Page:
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Blk Girls Green House Cultivates a Plant Sanctuary in West Oakland

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Blk Girls Green House co-founders Kalkidan Gebreyohannes and J'Maica Roxanne created a plant sanctuary in West Oakland.  (Courtesy of Blk Girls Green House)

Teaching poetry to high school students virtually has its challenges. Kids are having a hard time with their mental health, for starters. So I begin with a check-in question, “If you could be any kind of plant, what would you be and why?” After the initial giggles subside (most students choose marijuana, of course), I get some nuanced answers. Students share their interest in aloe vera and love of lavender. Suddenly, we’re all smelling similar scents, which transport us to distant memories. Now we can write our poems.

People, like plants, deserve rich soil from which to grow. A recent surge in plant collecting, particularly among Black people, might be traced to a desire to invite the natural world into the home space, cultivating vital sanctuary amid the grief and uncertainty of this time.

After Kalkidan Gebreyohannes and J’Maica Roxanne decided to turn their shared passion for plant collecting into a business venture, they began setting the groundwork for Blk Girls Green House. Located at Martin Luther King Jr. Way and 32nd Street in West Oakland, the 1500-square-foot, outdoor plant nursery showcases the duo’s talent for interior design, with bursts of emerald leaves surrounding a greenhouse structure that shelters fiddle leaf figs and other trees. It opened in early August, and currently allows shopping for house plants and home goods by appointment.

“Being on MLK is the cherry on top for us,” says Gebreyohannes. “It was important for us to be in our community, amongst our community. Working with our community. It was a perfect fit.”

Blk Girls Green House is Oakland’s only Black women-owned plant nursery. But Black-owned businesses once thrived all over West Oakland. It was the seemingly endless possibilities of 7th Street that drew thousands of African Americans here from the South during the Great Migration. And although no physical bombs dropped on one of the Black Wall Streets of the West Coast, decades of systematically racist policies such as redlining terrorized the strong soil of Black prosperity.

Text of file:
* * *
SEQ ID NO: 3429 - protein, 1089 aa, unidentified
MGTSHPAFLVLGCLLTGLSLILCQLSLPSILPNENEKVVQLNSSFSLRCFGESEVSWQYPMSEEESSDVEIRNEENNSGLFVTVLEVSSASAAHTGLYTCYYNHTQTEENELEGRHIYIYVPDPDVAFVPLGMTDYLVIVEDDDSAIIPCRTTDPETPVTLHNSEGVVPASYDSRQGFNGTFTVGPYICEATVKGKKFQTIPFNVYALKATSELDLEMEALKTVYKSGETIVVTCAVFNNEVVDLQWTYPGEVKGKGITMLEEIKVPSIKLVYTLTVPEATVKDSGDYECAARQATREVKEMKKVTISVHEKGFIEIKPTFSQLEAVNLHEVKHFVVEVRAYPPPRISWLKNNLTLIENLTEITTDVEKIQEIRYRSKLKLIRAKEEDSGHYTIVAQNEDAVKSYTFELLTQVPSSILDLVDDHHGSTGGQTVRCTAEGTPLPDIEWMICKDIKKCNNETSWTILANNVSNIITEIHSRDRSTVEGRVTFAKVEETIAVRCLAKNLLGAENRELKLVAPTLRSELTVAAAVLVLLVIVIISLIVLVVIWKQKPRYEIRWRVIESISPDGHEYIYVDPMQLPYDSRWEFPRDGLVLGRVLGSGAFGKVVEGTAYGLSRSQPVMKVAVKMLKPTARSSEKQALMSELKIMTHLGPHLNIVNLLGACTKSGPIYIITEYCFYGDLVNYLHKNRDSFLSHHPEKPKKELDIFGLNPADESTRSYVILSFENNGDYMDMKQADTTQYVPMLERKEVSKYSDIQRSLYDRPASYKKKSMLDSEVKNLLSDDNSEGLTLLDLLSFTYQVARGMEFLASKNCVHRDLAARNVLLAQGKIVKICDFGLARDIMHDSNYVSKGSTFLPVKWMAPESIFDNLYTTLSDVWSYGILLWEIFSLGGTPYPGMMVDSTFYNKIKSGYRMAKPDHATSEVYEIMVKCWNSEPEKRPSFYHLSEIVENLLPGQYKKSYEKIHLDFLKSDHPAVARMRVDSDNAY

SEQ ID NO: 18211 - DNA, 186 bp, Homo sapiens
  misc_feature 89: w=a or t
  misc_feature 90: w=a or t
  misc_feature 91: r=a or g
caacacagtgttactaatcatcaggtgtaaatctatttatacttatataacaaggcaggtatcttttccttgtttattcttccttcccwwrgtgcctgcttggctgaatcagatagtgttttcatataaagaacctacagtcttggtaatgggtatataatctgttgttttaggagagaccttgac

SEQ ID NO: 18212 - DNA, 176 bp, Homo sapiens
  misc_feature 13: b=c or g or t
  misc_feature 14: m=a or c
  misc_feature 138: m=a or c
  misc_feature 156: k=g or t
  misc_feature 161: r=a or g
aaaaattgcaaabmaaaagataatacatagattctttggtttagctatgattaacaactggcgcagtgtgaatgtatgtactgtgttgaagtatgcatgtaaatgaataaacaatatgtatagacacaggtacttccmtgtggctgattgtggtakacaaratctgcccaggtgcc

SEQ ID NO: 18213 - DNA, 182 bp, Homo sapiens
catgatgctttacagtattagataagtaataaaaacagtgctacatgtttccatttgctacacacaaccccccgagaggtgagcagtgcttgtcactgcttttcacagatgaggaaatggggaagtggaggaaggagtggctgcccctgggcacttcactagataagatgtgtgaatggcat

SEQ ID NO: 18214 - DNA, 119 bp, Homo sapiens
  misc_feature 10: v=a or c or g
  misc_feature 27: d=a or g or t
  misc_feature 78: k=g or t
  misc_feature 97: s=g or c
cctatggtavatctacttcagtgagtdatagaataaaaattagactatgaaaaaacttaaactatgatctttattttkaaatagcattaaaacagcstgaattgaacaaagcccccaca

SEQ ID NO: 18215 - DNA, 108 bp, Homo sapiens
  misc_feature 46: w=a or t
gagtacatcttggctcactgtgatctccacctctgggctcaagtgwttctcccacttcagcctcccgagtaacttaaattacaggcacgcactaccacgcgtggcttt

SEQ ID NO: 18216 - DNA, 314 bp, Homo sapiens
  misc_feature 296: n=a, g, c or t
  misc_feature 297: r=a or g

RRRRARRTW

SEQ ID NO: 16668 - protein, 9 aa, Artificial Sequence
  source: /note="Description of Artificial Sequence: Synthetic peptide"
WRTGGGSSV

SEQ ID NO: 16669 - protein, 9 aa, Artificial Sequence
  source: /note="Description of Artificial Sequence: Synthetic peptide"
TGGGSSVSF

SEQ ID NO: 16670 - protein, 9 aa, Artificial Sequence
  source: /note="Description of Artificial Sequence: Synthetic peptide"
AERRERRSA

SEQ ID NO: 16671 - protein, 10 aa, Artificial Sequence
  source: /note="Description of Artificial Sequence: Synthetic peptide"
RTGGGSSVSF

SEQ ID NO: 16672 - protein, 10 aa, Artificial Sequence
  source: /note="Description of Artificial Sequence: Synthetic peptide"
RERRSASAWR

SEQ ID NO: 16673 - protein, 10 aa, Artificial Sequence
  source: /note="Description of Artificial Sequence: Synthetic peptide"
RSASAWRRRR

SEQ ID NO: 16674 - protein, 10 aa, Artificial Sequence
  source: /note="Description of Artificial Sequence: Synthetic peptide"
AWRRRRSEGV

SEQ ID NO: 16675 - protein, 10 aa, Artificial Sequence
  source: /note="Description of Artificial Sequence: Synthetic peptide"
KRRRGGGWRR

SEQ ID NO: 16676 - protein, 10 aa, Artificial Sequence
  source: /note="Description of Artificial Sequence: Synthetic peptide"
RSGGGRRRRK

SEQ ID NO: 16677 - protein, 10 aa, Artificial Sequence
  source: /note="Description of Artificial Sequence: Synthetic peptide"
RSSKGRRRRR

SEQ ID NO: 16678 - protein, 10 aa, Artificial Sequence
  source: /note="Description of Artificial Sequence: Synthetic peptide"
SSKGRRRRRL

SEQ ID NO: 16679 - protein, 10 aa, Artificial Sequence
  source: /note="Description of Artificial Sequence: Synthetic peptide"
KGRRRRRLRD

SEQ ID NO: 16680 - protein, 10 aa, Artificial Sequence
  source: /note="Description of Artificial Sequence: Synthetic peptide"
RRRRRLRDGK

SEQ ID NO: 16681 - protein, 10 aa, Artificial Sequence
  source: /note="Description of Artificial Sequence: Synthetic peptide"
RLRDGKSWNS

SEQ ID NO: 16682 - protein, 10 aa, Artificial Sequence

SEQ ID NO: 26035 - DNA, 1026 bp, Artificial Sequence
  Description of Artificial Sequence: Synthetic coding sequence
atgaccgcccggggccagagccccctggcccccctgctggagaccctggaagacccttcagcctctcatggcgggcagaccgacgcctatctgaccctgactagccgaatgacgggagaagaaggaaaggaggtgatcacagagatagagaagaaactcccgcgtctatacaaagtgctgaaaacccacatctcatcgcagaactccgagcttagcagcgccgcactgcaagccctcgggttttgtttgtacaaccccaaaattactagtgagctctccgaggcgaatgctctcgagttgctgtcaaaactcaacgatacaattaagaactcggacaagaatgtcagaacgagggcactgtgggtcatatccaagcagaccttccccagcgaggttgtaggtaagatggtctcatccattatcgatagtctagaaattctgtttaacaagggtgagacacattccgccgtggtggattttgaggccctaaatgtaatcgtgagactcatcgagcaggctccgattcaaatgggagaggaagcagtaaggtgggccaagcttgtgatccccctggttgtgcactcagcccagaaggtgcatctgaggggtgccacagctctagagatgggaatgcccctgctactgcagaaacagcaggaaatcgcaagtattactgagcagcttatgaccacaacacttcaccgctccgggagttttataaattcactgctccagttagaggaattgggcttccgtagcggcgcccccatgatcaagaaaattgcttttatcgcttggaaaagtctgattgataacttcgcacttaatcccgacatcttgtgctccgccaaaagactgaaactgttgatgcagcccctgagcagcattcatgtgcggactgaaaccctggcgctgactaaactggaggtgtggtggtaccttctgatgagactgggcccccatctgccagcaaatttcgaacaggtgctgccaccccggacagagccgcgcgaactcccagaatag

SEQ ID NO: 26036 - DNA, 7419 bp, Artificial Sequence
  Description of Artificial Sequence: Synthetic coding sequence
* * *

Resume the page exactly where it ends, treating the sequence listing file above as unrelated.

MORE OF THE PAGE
These days, Black women sow seeds of hope for their communities as the fastest-growing group of small business owners in the country. Businesses take time to flourish. Luckily, the two entrepreneurs of Blk Girls Green House know a lot about patience. Caring for plants has taught them how to nurture themselves into the next phase of success. “It’s not overnight,” says Roxanne. “Repot, water, make sure it gets appropriate lighting, clean it, trim it… You get to a point where it’s a beautiful flourishing thing, and oftentimes we don’t give ourselves the same amount of grace.”

The author’s Aunt Majorie in her garden in Jamaica. (Maddy Clifford)

I confess that I don’t yet consider myself to be a full-fledged plant mom, but I have high hopes. What I’ve started to realize is how important plants are to my mental health and the mental health of women in my family. I used to believe it was the intoxicating music that gave me a sense of grace on my yearly trips to Jamaica. But when I close my eyes to reminisce, I see my Aunt Majorie’s yard blooming with flowers. She also runs a small shop in her front yard, using the orchids, hibiscus flowers and partridge peas to draw customers in.

Sometimes I wish I had her green thumb. Other times, I wonder, as I smile at the birds of paradise bush blooming in my Oakland backyard, if these are the “tropics” that Claude McCay so eloquently wrote about in his poetry? Did my late father ever see plants from his birth country and cry as a “wave of longing,” as McCay described it, crept through his body? Plants are decorative, yes, but they can also transport us in a seemingly magical way.

I often wonder what plant knowledge was brought by African Americans, many former sharecroppers and experienced farmers from the South, as they made the historic journey to the Northern and Western states? And how can Black Americans overall, whether newcomers, second generation or those with Southern roots, cultivate the mental health benefits of creating plant sanctuaries in their home spaces?

Blk Girls Green House may be answering these questions and more. Though the shop is just sprouting, the journey isn’t about instant gratification.

“My mom…I would see her talking to plants, singing to plants,” remarks Gebreyohannes. “I thought she was crazy. Now here I am, cheering it on when I see a new leaf like ‘Yay! You’re growing.’”


Blk Girls Green House is located at 3261 Martin Luther King Jr. Way and is open Friday–Sunday by appointment. Supporters are also invited to donate supplies like fans or thermostats to keep the plants healthy during winter months. Details here

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